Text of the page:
I started the day by continuing where I left off with covering the front side of the fuselage. I had to continue with making the little cuts and folding over and along the front edge. I then folder wider pieces over the edge where the fuel tank is. Lastly to get the finished look below I cut off the excess that runs along the top deck.
Today the engine got installed. We all ready had the engine mounts in place and prepped. Using the appropriate screws and locking nuts I screwed the engine into place while Peter held the nut with a wrench. I also used a screwdriver to pry open the clamp for the throttle push rod and got it onto the linkage (right side looking at the picture below) so will be able to have throttle control. This also means that while placing the engine before bolting down need to make sure the wire is connected. I find the picture below really start showing the progress made on the plane! It also shows two glaring things that still need to be done, one is installing the canopy which I’m hoping to do Tuesday, and the other is covering and installing the hatch for the fuel tank.
It was great to get back working on my plane again. The time flew by as I think this was the longest I have worked in one session in a long time at about 2.5hrs.
During this time I finished covering one side of the fuselage. From the pilots perspective this was the front left side, as seen in the featured image at the top. Due to all the curves you have to deal with when covering this area it is a slow and detailed oriented process.
It starts first measuring out the piece of covering with some excess all around. Then you line it up to where you want it, about a quarter inch overlay with the back piece. I then tacked it down in a few places starting top middle and worked my way along the top edge, pulling tight to do some on the side and looking through the covering you can see where the outline for the wing to sit in resides to tack some along there as well.
Today, after quite a hiatus do to not feeling well and timing, it was great to get back to working on my plane this afternoon. The theme of the day was covering, lol.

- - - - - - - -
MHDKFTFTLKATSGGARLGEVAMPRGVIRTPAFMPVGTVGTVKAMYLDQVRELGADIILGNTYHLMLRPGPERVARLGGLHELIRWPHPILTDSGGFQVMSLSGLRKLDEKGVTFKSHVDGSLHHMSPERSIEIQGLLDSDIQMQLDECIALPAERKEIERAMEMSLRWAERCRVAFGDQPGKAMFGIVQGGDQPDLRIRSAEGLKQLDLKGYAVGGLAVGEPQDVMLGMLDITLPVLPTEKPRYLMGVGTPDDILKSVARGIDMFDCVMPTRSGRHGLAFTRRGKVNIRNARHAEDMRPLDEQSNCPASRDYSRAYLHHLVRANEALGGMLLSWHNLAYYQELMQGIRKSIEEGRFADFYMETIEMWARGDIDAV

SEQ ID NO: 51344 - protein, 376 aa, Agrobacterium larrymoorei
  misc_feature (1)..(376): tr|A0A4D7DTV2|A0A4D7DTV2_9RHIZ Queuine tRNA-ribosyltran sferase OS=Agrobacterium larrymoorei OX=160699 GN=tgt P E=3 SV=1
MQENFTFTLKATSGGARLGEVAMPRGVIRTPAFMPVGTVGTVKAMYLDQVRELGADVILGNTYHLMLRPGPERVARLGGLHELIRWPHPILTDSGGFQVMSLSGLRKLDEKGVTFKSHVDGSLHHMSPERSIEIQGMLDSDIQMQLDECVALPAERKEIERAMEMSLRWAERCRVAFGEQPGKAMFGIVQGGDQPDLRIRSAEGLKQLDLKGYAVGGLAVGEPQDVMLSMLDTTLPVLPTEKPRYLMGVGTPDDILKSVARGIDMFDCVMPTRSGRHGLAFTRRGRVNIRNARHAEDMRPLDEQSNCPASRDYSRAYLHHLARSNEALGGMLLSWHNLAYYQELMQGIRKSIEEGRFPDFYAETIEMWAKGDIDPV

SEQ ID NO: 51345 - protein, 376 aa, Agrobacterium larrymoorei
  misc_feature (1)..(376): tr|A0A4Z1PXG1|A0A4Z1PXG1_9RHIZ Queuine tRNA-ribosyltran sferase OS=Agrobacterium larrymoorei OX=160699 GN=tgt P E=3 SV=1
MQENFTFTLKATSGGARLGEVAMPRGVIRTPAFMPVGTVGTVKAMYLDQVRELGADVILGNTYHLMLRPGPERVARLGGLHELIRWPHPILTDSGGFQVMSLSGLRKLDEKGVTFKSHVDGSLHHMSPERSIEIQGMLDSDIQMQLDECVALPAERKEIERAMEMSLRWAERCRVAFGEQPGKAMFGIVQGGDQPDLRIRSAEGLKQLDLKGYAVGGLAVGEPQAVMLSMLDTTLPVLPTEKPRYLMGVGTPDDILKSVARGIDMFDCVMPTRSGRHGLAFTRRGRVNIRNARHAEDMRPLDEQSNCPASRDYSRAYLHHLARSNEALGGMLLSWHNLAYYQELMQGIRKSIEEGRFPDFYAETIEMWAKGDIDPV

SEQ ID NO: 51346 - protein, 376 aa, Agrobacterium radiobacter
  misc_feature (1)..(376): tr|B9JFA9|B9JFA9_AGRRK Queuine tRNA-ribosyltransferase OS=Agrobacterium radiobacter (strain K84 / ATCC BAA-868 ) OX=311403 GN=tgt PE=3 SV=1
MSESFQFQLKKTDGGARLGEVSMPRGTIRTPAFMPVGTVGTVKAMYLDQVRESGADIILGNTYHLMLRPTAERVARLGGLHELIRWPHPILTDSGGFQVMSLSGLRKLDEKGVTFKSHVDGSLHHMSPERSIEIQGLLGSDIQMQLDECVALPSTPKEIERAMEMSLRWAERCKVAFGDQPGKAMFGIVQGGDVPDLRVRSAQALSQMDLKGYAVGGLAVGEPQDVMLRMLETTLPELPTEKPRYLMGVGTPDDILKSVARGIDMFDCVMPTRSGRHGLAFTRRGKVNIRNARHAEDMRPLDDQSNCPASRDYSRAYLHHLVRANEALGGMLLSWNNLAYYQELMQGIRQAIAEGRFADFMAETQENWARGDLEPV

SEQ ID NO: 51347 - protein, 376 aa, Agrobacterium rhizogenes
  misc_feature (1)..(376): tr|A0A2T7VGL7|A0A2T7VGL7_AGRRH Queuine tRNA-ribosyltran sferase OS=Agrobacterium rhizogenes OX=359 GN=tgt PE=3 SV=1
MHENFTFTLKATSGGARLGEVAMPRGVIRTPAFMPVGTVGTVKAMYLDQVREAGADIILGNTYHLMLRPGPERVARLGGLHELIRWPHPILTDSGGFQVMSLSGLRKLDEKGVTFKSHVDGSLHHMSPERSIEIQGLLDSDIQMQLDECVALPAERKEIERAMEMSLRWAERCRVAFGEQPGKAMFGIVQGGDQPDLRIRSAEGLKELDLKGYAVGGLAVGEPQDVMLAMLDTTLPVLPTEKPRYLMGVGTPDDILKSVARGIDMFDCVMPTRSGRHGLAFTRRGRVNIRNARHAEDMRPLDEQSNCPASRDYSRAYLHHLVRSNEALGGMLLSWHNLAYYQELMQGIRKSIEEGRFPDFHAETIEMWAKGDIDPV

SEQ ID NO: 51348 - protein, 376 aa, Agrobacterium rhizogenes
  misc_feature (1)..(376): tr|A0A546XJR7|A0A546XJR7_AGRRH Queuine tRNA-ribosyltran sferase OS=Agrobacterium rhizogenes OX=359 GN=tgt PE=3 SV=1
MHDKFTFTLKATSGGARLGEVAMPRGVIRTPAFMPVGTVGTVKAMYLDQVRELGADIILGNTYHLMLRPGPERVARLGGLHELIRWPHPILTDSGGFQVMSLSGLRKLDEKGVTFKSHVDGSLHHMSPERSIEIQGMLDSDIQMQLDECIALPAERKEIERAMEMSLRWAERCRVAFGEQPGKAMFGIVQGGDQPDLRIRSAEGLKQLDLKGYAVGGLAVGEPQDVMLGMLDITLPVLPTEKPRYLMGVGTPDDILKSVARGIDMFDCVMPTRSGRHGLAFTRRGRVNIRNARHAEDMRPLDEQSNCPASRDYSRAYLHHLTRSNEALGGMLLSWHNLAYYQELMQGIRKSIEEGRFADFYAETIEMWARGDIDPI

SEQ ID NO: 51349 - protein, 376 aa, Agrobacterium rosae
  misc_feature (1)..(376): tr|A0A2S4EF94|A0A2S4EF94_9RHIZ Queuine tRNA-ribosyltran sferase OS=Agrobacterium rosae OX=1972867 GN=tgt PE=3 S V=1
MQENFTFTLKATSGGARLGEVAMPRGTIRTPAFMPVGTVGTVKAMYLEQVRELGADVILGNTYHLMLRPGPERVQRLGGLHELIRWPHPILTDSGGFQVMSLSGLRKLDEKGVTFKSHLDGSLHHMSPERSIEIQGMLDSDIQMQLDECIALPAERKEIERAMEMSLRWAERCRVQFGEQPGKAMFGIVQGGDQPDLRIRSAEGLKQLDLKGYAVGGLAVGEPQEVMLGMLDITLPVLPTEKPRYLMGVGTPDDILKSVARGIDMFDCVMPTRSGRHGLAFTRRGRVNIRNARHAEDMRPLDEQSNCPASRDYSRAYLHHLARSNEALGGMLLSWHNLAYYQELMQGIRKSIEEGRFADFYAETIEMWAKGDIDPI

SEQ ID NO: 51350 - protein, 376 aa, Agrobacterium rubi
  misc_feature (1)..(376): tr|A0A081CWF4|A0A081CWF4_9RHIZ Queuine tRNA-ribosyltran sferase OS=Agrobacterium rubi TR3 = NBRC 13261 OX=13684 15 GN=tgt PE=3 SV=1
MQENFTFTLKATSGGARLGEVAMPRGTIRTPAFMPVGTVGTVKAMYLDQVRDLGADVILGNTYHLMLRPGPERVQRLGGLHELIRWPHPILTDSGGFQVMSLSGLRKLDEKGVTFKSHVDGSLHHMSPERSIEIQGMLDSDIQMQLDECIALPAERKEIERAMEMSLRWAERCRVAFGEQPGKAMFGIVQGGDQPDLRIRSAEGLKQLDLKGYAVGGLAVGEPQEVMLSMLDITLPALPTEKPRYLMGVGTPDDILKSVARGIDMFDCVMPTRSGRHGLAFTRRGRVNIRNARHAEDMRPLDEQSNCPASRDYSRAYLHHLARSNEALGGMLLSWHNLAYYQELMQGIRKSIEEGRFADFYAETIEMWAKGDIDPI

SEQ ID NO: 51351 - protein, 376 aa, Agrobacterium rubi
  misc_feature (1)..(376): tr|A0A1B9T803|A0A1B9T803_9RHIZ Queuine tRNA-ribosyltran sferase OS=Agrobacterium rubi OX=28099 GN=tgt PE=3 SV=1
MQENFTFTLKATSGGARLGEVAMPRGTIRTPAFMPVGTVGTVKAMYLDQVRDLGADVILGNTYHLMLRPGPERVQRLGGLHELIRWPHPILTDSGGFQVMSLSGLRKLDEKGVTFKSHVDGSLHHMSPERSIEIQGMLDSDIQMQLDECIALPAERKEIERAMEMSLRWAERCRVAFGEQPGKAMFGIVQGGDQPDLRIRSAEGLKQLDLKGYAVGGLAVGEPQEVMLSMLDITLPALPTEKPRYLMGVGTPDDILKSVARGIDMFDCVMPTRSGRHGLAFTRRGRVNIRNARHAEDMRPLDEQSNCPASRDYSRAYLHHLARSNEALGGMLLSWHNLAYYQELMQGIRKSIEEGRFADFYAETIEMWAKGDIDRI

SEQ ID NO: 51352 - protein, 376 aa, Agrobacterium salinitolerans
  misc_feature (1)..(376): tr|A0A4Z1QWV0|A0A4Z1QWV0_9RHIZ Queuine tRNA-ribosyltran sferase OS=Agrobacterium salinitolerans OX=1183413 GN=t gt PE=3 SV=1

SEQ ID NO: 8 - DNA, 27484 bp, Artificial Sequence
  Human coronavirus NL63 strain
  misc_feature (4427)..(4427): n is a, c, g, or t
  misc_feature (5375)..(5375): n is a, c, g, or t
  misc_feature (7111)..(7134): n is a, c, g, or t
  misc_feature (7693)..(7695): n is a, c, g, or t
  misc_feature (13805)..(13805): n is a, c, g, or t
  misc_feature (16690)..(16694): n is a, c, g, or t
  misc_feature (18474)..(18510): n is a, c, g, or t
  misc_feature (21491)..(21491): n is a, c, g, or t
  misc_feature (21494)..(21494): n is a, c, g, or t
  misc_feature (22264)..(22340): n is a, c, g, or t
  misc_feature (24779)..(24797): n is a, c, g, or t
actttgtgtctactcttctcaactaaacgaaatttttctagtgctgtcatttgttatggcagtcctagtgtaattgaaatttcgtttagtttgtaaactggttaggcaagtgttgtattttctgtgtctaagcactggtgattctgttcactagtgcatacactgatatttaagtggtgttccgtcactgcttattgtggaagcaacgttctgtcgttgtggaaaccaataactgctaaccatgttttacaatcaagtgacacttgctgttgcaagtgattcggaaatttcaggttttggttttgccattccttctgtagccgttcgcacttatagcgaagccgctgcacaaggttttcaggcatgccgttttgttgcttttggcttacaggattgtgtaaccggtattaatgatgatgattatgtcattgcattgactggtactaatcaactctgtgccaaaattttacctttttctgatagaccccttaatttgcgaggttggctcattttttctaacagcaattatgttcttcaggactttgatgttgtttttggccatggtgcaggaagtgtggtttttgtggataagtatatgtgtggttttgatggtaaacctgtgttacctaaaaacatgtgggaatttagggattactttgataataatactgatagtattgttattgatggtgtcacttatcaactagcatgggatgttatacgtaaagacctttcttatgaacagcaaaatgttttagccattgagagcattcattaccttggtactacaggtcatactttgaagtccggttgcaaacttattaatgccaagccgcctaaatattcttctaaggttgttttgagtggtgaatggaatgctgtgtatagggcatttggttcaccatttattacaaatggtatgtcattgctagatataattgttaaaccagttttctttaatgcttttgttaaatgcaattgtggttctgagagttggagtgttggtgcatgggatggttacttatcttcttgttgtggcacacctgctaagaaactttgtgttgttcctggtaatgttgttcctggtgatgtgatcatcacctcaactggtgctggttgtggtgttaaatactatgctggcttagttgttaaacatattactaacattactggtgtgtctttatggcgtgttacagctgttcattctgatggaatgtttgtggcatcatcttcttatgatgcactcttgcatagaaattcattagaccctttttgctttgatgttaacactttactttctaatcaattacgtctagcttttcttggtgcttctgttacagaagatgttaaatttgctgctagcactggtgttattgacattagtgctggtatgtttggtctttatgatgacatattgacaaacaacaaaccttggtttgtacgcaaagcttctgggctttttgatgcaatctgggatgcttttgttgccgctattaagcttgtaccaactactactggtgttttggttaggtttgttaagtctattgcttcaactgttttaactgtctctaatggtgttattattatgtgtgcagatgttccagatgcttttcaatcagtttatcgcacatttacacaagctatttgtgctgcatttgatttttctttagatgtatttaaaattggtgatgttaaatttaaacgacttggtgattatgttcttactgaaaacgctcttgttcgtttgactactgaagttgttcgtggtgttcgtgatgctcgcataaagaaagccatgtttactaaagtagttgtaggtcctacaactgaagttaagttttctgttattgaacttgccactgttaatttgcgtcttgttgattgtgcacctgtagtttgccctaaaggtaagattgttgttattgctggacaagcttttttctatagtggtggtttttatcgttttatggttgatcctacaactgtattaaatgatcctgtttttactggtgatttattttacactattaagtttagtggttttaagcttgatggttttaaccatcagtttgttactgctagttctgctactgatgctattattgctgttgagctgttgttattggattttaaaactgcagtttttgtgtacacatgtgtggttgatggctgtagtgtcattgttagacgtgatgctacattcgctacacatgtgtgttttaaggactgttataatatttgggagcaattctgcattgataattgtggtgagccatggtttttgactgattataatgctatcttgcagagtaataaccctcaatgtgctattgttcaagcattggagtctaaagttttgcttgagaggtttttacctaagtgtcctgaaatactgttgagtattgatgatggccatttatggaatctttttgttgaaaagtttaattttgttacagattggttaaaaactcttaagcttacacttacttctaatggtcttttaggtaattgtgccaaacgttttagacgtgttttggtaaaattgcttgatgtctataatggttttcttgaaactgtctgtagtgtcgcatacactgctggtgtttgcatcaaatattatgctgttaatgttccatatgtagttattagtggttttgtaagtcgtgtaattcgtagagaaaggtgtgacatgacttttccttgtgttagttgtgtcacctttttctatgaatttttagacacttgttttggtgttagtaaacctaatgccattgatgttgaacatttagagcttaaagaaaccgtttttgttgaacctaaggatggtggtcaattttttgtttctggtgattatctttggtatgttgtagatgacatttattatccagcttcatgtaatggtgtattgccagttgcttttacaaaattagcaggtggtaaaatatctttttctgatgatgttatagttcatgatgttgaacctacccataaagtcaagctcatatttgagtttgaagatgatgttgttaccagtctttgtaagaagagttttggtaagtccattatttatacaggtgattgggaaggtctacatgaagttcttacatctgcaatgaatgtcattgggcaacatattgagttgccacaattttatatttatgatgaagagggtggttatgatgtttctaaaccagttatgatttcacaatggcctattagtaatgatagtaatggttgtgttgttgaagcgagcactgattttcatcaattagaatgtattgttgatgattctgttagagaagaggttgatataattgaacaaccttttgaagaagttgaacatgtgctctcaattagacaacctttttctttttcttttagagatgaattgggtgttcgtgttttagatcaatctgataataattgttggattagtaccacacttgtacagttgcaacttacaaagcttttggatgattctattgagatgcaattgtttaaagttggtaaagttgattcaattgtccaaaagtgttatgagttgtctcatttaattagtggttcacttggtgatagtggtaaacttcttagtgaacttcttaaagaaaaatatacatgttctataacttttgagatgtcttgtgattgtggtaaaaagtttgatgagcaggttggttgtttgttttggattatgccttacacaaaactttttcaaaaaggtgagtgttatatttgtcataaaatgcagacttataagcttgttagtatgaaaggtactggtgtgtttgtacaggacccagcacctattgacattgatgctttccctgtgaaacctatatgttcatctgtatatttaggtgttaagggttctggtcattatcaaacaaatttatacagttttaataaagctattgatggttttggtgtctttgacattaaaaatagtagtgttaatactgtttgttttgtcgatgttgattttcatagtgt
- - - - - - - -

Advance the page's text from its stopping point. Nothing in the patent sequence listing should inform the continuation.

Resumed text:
I started by continuing where I left off and covering the fuselage bottom front, seen below. For this piece I made sure that I left about a quarter inch to wrap around onto both sides of the fuselage and enough excess at the front to get a little ways past where the “cut out arch” is. The main surface ironed down smoothly, I tacked it up at the top near the landing gear plate, pulled the covering tight and then tacked it down near the top of the arch. Then starting at the landing gear plate end I worked from the center of the fuse bottom out to the one edge and then the other working in this fashion towards the front.
In order to properly iron the edges over the side I needed to make a couple cuts along where the arch starts working my way towards the front to allow me to iron over the edge and onto the side of the fuselage. I also made a cut near the front to allow me to iron the covering along the edge past the bottom of the arch a little ways and again over onto the side. This was then repeated on the other side.
Next the bulk of the covering which was over the open space of the arch was cut away except for a tiny bit of excess. This excess was then cut about every centimeter or so (there was no exact measuring here), but frequent cuts were required in order to iron the covering over the edge to cover the ‘thickness’ of the sheeting to prevent wind from getting under the covering.